For example, take this quote from Mike Duran [and I really like Mike, mind you]:
“Forcing fiction to neatly fit your theology is a losing proposition… at least, if creative storytelling is your aim. (emphasis in original)
Mike seems to be suggesting that our primary objective should be good storytelling – and that would be true if we were merely authors – BUT as Christians our primary goal is to glorify God through good storytelling… and we cannot do that if we do not chain ourselves to the Word of truth. Twice in his first epistle to the Corinthian church, Paul says that all things are lawful (permissible) to me, but not all things are expedient. [I Cor 6:12; 10:23]. Underline that truth. Just because you can, doesn’t mean you should. God, by definition, is the I AM. To put it another way, He is The Way, The TRUTH, and The Life. God is NOT a What If? We do not get to play god with God’s identity and attributes without also creating a non-Christian god… and how could that be considered Christian fiction in any sense?
Some authors, including the one who proposed a female God, must recognize this dilemma for they want to include “Christian-friendly” fiction under the banner of Christian fiction. Unfortunately, this fails because Christian-friendly fiction could be in fact [by way of example] Jewish or Muslim fiction that happens to correlate with Christianity on the points of theology it raises in the story. Christian-friendly is, by definition, something not Christian fiction. It may be fiction by a Christian, but that does not automatically make it Christian fiction [any more than being born in a Christian nation or being raised in a Christian home makes one a Christian.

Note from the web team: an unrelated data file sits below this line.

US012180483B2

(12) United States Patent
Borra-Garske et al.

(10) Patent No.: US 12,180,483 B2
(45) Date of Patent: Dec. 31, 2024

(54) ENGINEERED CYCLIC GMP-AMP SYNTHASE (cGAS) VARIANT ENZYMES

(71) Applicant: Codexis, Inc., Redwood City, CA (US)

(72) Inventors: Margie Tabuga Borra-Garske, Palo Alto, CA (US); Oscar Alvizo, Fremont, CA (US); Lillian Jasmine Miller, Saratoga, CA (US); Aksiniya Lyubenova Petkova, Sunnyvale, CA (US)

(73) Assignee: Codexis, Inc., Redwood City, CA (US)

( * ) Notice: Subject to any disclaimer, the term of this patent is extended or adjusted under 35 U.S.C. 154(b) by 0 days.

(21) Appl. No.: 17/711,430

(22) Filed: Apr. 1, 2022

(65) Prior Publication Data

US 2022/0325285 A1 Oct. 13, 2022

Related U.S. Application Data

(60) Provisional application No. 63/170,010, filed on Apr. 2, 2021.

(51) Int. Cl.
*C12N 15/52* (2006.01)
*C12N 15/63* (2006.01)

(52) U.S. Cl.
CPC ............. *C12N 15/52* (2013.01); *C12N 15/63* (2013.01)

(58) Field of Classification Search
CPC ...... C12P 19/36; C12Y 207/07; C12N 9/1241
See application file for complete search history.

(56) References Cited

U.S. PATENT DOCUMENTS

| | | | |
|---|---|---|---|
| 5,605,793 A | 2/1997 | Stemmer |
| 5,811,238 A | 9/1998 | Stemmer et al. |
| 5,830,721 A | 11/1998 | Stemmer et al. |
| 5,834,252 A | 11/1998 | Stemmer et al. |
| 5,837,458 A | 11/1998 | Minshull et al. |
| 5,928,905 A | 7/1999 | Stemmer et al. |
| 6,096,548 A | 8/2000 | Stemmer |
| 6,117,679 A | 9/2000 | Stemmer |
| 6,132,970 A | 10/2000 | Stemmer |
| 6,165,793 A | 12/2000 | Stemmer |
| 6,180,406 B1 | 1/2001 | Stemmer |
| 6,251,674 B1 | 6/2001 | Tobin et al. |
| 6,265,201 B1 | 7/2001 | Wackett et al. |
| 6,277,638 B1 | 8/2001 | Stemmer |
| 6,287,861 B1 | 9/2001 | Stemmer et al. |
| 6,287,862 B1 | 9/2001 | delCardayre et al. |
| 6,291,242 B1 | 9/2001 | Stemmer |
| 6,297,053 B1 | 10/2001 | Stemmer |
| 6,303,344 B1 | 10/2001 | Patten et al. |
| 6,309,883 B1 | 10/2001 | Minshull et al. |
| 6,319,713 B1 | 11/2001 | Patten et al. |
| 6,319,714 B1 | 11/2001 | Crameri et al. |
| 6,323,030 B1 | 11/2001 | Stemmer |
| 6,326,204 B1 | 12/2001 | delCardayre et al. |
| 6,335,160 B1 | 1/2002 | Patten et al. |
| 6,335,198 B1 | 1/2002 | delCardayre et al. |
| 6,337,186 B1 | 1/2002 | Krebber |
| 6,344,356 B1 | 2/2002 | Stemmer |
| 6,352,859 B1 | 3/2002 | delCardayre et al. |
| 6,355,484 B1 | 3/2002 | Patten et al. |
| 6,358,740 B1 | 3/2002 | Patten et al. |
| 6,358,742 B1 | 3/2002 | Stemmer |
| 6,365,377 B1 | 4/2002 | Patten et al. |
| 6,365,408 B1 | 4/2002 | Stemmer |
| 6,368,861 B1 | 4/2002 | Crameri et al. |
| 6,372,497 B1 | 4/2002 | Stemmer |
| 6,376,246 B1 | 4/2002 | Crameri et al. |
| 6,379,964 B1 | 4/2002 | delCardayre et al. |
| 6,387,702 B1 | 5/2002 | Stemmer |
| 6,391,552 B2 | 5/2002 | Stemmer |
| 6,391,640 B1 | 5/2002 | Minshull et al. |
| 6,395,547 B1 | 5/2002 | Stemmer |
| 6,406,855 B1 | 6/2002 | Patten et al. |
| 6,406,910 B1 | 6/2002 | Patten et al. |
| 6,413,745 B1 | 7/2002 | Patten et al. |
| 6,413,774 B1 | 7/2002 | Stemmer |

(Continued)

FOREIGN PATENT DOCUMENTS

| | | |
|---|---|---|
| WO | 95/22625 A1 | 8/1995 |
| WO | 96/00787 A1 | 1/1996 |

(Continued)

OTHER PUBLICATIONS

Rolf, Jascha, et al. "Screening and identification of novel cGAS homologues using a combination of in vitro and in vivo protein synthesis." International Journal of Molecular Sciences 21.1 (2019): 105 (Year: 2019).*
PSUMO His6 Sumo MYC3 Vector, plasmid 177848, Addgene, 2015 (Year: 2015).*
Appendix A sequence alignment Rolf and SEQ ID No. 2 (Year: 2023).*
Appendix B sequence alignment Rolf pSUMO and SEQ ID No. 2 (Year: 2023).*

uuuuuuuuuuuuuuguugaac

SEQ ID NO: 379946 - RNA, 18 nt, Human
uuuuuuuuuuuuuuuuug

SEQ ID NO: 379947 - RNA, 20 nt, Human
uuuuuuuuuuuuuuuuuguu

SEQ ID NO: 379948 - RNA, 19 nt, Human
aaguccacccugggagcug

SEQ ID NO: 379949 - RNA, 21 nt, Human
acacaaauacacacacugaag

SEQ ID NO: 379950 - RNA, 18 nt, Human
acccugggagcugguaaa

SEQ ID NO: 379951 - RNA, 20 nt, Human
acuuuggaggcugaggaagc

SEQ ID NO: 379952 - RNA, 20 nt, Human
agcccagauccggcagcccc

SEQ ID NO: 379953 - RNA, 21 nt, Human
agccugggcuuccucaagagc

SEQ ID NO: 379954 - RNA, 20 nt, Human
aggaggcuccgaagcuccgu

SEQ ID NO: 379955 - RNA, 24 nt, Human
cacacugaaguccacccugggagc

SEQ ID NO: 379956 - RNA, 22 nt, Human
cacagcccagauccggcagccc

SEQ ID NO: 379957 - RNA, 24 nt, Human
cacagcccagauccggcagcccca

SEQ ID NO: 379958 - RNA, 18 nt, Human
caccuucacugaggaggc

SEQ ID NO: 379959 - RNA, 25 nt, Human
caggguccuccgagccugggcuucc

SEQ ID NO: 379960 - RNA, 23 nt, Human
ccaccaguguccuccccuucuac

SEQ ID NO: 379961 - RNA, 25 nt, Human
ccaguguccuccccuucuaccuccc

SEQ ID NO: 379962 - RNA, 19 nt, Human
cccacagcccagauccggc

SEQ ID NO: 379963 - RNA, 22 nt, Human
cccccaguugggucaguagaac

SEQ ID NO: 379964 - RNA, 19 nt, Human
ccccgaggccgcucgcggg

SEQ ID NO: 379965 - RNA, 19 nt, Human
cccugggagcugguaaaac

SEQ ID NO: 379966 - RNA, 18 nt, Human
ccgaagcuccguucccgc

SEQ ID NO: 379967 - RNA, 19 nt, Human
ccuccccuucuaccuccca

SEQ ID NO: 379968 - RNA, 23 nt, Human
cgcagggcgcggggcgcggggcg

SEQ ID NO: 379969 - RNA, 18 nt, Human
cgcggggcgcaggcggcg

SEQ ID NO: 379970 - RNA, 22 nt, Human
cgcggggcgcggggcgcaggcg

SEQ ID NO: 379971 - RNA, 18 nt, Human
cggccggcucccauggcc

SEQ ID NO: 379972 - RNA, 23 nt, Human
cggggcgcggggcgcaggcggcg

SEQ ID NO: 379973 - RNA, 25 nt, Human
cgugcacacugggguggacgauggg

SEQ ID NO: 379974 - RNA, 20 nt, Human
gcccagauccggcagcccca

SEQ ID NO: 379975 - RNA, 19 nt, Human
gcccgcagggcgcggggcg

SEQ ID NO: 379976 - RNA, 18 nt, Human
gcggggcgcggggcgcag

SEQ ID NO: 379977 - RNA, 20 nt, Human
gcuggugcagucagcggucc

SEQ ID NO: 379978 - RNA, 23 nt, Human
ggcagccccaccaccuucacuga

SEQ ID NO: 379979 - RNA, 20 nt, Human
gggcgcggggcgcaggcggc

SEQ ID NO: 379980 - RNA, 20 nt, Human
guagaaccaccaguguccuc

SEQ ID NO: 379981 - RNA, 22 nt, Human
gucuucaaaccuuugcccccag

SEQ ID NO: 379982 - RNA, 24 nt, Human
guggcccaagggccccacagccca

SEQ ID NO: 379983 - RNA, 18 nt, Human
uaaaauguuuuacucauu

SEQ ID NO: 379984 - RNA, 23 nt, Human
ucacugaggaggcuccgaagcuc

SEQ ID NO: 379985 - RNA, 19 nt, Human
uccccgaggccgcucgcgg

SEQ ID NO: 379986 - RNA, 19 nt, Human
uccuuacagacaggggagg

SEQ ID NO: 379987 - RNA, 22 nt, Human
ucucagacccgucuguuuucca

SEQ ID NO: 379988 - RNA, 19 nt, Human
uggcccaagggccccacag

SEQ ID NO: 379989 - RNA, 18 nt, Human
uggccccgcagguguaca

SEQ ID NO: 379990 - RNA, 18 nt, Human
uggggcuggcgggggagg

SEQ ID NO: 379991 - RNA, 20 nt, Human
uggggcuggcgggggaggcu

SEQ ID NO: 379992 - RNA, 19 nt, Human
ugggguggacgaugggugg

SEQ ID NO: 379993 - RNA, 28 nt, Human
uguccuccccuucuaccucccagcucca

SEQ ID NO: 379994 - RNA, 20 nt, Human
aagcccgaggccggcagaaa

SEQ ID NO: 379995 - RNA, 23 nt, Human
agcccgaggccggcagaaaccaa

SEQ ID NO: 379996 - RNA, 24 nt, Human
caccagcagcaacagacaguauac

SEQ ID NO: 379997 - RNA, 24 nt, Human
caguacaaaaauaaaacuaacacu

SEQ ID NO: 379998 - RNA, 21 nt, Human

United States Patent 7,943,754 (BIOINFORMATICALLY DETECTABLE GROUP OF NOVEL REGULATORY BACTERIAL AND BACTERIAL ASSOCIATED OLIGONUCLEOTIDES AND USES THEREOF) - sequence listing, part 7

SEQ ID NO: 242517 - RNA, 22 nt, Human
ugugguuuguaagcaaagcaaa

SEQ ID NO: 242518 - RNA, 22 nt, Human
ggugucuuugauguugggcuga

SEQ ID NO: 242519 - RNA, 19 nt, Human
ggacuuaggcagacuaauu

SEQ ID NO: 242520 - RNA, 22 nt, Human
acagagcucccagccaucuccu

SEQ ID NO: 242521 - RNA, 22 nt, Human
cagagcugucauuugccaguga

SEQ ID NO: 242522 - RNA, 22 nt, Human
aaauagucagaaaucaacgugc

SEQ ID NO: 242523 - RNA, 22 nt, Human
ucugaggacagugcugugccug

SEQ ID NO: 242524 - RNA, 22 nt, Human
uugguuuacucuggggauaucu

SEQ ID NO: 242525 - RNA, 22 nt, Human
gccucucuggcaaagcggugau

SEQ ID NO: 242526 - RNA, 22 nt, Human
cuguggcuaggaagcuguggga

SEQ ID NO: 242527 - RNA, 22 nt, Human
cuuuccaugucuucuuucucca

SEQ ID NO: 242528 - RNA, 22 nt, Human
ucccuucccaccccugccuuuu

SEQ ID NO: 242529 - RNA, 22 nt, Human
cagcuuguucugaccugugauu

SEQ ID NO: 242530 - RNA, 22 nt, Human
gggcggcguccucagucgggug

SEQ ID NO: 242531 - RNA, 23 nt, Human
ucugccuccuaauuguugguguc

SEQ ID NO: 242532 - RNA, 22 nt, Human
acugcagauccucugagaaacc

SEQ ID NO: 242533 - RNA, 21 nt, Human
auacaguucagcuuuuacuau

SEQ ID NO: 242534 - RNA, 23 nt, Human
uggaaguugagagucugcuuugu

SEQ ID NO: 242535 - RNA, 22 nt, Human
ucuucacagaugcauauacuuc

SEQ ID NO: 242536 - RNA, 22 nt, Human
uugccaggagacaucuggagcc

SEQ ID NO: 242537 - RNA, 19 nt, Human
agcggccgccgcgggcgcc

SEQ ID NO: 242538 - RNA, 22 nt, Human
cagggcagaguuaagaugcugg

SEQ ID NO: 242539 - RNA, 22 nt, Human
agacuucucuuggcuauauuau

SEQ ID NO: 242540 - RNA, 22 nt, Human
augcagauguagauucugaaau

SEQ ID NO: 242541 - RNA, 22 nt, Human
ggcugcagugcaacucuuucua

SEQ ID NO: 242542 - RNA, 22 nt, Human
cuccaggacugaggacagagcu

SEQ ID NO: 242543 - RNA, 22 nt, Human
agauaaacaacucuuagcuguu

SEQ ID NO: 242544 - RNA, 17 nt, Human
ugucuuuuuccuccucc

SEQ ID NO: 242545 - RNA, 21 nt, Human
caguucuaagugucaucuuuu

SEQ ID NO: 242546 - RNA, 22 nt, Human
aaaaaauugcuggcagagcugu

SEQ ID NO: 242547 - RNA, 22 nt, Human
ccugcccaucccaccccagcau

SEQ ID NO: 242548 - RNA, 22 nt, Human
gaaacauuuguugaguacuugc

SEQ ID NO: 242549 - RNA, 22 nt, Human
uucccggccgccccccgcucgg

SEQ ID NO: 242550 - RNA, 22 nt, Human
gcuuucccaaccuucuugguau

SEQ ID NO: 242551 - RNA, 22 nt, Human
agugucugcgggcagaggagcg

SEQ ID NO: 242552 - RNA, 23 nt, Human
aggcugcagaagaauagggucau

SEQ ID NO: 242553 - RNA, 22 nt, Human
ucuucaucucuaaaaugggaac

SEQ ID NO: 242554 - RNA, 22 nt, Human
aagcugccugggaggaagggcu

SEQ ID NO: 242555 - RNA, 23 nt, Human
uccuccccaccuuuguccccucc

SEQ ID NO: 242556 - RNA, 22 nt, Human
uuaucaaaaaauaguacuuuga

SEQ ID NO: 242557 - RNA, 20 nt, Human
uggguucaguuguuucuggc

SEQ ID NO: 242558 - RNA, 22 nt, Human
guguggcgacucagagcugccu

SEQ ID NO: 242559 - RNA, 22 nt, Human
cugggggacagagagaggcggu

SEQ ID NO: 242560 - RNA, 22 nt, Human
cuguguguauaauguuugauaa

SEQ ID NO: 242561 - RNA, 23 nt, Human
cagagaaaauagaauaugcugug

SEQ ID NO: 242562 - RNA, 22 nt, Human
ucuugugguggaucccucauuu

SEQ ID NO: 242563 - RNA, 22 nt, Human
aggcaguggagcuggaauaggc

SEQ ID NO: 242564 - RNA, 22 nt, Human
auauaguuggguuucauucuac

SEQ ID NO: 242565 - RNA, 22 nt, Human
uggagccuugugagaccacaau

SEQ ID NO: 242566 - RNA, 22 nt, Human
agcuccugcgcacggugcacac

Rebecca Luella Miller aptly notes that all “all false teaching shares this “imagination over truth” component.” but as a Christian “an author of fiction is constrained to tell the truth.” I’ll end this post with a quote, from the same article, that I believe summarizes what Christian fiction must be if it is to be called Christian at all:
“And here is the point that separates Christian fiction, I believe, from all other fiction. Christian fiction speaks the truth about God. Other fiction can speak the truth about morals or the way the world works or what makes a person love or hate or live on the edge. Other fiction might be silent about God. Other fiction might speak a lie (though undoubtedly the author believes that what he’s written is true) about any of these things. Only Christian fiction speaks the truth about God.”